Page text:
I’ve thought a lot over the last day about whether or not I would write about what we are going through. And in the end I reminded myself that I committed to providing our authentic truth. Maybe because I feel like I owe it to you. Maybe because saying it to you heals me in some way. Maybe because over the last few months I have learned that more often than not there is someone else going through the same thing, and they need to know they are not alone. For all of those reasons, and so many more, here is another piece of our story.
When I started writing this blog so many of the posts were full of hope and positivity and optimism. At that time we were in an amazing groove with Grayson’s treatment. He was engaging with his peers. He was taking positive strides towards independence (potty training, communication, etc.) We were balancing the mix of therapy and family time. We had a consistent and wonderful treatment team. All things considered, we were counting our many blessings. But in our life things can change quickly. And often without notice.
Around the beginning of July Grayson began to show signs of” sliding”; his progress seemed to regress. His extincted behaviors were returning. Yes, all of them. He was hitting, screaming, slamming doors and biting. The dynamic between Rowan and Grayson became more irritable than usual. In general, everyone was having a difficult time understanding and navigating Grayson’s emotions and behaviors. So we went into survival mode. Which is a mode we’ve come to know well. We know that when we are in survival mode that everyone is just doing their best to make it though the day. We remind ourselves to be more forgiving of ourselves and each other’s moments of imperfection. We try to learn from our mistakes. We try anything. Everything. We pray for the end. We pray there is an end. Sometimes these stints are short lived. This one is not.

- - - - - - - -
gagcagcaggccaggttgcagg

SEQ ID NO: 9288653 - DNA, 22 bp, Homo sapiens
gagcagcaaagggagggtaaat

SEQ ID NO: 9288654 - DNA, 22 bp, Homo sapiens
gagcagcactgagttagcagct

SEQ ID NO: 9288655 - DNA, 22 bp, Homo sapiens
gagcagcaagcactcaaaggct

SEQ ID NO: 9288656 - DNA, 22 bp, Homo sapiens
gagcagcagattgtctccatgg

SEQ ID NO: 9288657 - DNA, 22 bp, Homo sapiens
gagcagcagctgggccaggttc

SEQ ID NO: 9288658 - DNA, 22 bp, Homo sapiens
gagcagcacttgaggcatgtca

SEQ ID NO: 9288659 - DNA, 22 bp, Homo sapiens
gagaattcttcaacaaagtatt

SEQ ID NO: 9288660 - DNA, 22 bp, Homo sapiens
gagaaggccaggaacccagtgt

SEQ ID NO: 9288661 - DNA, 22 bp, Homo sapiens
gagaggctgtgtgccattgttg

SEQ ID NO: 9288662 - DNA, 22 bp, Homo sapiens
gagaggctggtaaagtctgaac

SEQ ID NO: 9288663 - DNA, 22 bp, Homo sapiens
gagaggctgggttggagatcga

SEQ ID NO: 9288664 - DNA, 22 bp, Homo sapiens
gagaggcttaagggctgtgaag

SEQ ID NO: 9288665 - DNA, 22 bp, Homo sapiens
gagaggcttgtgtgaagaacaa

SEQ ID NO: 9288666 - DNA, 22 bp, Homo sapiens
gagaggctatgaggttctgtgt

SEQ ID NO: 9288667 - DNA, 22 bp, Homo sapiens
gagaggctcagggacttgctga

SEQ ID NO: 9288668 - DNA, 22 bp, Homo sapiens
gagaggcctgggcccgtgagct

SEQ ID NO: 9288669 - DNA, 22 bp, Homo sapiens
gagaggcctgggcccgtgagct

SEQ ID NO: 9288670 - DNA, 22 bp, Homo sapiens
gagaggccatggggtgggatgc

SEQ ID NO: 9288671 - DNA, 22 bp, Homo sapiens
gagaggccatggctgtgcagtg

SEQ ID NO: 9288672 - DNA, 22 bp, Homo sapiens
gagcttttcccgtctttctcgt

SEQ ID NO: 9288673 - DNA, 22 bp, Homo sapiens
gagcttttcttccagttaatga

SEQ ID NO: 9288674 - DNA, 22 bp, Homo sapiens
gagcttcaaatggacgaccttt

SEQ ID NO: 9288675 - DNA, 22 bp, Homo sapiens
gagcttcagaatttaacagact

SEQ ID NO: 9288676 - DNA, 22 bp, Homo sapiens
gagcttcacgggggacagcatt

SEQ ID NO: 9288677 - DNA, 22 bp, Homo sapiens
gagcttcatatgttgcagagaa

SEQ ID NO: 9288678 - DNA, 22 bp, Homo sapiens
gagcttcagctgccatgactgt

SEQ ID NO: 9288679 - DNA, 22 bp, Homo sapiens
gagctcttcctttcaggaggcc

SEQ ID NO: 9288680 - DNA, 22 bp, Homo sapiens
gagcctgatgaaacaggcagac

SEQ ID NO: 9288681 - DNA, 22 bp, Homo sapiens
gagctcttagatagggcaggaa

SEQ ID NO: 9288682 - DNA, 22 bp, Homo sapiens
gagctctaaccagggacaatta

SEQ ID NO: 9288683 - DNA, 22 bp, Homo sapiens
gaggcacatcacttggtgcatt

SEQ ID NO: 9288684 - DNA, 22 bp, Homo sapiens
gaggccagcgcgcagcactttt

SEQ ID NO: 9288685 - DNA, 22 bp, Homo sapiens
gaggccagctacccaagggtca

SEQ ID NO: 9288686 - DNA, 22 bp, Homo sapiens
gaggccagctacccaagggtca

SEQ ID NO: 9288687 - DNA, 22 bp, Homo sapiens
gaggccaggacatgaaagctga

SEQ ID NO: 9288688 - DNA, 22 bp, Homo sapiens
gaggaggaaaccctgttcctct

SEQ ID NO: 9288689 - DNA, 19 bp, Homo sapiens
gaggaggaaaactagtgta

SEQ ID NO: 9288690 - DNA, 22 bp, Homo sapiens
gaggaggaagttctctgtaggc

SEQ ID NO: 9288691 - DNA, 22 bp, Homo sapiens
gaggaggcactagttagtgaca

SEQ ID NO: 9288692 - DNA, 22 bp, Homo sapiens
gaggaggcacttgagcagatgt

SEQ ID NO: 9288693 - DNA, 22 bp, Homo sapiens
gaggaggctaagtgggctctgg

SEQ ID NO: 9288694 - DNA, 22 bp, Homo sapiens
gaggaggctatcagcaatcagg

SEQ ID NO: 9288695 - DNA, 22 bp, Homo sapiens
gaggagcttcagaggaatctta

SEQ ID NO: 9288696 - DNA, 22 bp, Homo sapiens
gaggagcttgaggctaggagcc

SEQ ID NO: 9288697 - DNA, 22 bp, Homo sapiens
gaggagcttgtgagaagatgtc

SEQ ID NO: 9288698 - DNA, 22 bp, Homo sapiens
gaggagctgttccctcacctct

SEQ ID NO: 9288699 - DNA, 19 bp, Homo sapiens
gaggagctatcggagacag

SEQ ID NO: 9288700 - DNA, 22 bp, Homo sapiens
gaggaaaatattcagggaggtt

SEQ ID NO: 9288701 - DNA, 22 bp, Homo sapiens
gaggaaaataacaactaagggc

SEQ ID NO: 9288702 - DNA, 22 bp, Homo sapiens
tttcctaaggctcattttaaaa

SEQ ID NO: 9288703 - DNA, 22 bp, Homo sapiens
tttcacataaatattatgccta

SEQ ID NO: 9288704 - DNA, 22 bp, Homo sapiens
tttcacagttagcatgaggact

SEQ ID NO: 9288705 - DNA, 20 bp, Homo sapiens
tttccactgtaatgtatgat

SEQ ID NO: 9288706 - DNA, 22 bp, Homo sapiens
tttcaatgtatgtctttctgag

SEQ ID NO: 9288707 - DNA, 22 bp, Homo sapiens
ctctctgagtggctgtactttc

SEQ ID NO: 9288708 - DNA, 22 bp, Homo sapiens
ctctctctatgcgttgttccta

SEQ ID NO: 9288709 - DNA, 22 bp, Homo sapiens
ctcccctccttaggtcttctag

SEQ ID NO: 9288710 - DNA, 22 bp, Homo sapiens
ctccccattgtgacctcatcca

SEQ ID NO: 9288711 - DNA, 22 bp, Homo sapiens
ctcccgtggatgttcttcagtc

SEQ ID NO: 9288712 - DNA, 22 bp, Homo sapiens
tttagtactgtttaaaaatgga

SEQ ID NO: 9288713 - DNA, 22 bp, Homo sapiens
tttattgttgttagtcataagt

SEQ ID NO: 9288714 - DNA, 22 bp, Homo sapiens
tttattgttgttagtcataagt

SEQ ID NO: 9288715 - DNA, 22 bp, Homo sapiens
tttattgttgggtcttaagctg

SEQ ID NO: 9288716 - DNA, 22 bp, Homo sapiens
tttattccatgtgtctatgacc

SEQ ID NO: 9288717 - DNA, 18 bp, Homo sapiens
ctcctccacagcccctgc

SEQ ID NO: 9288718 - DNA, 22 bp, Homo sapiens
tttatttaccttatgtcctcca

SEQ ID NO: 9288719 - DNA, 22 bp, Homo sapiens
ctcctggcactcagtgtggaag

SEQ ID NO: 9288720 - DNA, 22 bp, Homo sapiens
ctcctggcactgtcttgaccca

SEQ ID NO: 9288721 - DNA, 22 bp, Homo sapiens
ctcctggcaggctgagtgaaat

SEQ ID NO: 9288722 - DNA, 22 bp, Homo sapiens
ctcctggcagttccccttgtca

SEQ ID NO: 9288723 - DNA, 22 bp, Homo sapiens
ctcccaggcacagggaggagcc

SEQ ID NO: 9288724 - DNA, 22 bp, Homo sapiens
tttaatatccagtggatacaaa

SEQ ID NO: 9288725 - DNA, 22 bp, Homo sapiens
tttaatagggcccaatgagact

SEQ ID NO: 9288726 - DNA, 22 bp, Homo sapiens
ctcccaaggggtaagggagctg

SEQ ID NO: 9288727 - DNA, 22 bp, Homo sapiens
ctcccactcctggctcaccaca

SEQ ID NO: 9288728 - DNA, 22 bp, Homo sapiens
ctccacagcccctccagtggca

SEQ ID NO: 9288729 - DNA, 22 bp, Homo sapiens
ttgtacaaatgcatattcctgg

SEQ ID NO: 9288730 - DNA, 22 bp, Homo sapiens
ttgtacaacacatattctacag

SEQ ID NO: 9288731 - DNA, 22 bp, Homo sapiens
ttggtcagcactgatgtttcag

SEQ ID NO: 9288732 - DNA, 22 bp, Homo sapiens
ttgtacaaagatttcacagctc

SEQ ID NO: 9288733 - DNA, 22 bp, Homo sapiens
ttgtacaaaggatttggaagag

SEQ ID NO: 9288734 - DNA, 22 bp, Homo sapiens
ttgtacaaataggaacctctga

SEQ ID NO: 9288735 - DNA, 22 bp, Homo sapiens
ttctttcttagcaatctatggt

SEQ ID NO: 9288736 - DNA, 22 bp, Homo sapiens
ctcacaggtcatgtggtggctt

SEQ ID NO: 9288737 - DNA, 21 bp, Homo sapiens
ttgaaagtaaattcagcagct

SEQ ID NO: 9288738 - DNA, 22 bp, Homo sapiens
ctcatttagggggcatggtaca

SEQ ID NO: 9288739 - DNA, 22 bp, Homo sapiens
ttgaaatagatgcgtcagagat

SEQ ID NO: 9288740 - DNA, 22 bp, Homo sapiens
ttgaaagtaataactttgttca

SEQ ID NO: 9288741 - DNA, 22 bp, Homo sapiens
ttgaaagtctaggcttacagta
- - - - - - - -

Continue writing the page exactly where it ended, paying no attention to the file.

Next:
About 3 weeks ago Grayson’s sleep pattern started to change significantly. He went from regularly sleeping 10+ hours a night to sometimes sleeping as few as 5 hours. He was fighting bedtime from 8pm to as late as 11pm. Then waking up for the day at 2:30am or 4am. And then the exhaustion set in and it only perpetuated the behaviors. We kept thinking “tonight he is just going to crash, I mean, how can he not?” And then we’d find ourselves awake with him again in the middle of the night. The exhaustion and the behaviors takes a toll on all of us. No one is the best version of them self under these conditions.
So in a moment of complete desperation (after a 2:30am wake up call that morning) I reached out to our (AMAZING) pediatrician. She confirmed my belief that this minimal amount of sleep was not ok. And she gave us the green light to try Melatonin. We were anxious as bedtime approached. We gave him his first dose in his milk. And he was honestly so tired that he could not even brush his teeth. He fell asleep by 8:02pm that night and slept until 7am. DEAR HEAVENLY LORD ABOVE!! He slept. We slept. I woke up feeling on top of the world. The next day his behaviors were minimal. Could this magical all-natural product have been the solution? We were hopeful when nights 2 and 3 went the same way. Night 4 was way less awesome.